Public Health Wales Backs Cigarette Display Ban
From this week, small retailers in Wales must ensure that cigarettes and tobacco products are out of public view unless requested by a customer. Shop managers and assistants who break the law could face fines of up to £5,000 and six months in prison. The ban, which follows similar restrictions imposed on larger stores and supermarkets in 2012, has the full backing of Public Health Wales (PHW).
Dr Tracey Cooper, PHW chief executive, is hopeful the measure will discourage children from taking up the habit. “Cigarette and tobacco packaging promotes brand identity for big tobacco companies, and is designed to appeal to particular groups including young people,” she said. “There is also evidence from other countries that the poorest and most disadvantaged communities have more tobacco retailers. These displays may be contributing to health inequalities in Wales, and fueling worse health for more disadvantaged people.”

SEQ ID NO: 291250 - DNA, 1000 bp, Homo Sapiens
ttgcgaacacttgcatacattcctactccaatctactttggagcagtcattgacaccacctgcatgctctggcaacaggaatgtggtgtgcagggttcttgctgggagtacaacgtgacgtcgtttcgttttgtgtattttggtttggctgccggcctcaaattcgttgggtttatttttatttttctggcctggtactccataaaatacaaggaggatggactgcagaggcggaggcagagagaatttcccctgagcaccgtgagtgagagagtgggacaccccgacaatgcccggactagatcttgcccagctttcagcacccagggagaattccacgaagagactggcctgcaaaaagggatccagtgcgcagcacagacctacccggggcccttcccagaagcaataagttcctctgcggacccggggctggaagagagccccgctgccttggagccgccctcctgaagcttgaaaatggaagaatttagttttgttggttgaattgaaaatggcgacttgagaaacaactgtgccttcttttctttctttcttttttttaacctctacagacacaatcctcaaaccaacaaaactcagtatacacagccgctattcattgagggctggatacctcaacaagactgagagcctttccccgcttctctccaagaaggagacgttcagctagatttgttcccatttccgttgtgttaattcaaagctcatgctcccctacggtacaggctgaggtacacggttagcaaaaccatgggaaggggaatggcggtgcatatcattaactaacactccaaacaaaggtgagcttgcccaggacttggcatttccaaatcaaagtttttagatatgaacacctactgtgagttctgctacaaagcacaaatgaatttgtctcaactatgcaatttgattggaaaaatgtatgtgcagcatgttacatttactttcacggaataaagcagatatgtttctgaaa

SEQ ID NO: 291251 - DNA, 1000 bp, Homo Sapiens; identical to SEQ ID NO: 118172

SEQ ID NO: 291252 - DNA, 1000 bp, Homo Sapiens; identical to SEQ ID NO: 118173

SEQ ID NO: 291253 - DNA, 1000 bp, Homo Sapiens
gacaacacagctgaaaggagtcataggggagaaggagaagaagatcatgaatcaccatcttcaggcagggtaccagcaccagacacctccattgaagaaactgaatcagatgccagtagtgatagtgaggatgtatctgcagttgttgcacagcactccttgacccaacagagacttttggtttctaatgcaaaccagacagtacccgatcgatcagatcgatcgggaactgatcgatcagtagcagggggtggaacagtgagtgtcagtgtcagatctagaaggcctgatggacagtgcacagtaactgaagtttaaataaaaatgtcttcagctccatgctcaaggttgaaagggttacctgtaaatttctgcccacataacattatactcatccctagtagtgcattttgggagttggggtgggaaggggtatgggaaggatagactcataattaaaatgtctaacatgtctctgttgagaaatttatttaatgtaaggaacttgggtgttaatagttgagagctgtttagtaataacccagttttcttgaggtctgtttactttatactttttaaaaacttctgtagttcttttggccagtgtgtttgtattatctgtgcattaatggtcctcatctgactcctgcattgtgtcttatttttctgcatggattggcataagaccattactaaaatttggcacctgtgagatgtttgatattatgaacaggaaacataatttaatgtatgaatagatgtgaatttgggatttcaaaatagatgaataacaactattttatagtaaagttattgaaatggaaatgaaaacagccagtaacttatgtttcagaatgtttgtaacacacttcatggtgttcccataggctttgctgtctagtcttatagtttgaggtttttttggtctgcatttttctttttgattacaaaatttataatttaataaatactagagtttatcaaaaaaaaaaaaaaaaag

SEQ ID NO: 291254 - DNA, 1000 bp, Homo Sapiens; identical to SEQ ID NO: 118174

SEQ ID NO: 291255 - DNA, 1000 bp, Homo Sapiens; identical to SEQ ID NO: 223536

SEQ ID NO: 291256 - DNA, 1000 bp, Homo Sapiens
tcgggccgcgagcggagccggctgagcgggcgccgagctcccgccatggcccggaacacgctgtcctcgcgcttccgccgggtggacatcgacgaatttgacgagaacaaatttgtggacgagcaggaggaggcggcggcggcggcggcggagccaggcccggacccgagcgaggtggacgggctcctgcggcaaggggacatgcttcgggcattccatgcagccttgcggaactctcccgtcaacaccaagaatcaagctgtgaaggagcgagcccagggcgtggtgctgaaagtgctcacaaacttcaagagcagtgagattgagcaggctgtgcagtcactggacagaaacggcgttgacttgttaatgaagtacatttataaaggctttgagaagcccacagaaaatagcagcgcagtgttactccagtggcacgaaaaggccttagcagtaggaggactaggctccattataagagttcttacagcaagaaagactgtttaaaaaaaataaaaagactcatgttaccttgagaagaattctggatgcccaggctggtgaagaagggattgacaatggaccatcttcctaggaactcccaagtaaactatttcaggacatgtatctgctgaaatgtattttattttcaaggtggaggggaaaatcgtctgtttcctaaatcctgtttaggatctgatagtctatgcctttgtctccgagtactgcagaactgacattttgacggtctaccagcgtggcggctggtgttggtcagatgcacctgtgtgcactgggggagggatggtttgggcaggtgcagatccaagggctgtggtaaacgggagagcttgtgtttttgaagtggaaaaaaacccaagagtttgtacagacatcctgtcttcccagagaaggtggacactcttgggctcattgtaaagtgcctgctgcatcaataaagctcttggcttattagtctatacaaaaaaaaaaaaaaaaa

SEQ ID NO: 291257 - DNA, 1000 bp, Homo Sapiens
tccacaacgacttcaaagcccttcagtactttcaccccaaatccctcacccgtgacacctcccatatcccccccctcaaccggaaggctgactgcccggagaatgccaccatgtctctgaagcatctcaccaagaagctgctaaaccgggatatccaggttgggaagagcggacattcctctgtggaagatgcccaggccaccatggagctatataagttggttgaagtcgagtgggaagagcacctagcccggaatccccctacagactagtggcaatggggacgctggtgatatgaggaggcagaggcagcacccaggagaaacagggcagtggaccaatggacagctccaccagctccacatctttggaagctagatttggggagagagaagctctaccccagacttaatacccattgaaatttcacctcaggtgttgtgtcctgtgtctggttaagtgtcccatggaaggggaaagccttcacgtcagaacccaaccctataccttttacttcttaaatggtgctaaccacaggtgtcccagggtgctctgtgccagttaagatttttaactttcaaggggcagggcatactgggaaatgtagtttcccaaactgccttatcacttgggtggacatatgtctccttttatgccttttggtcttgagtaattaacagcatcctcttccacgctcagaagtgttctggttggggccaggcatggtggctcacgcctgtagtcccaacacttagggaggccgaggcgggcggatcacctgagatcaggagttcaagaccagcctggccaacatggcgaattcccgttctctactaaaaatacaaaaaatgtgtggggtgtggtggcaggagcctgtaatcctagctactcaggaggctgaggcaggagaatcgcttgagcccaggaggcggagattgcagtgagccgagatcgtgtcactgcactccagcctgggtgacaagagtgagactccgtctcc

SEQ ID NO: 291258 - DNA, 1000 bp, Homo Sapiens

An estimated 5,000 deaths each year are attributed to smoking in Wales, prompting the government to set a target to reduce levels by 16% by 2020. Plain packaging will be introduced in Wales next year.
With the Public Health Wales Bill to be published in the summer, politicians are also concerned about the widespread use of e-cigarettes – a recent online survey revealed that a fifth of secondary schools had seen pupils using e-cigarettes within school grounds.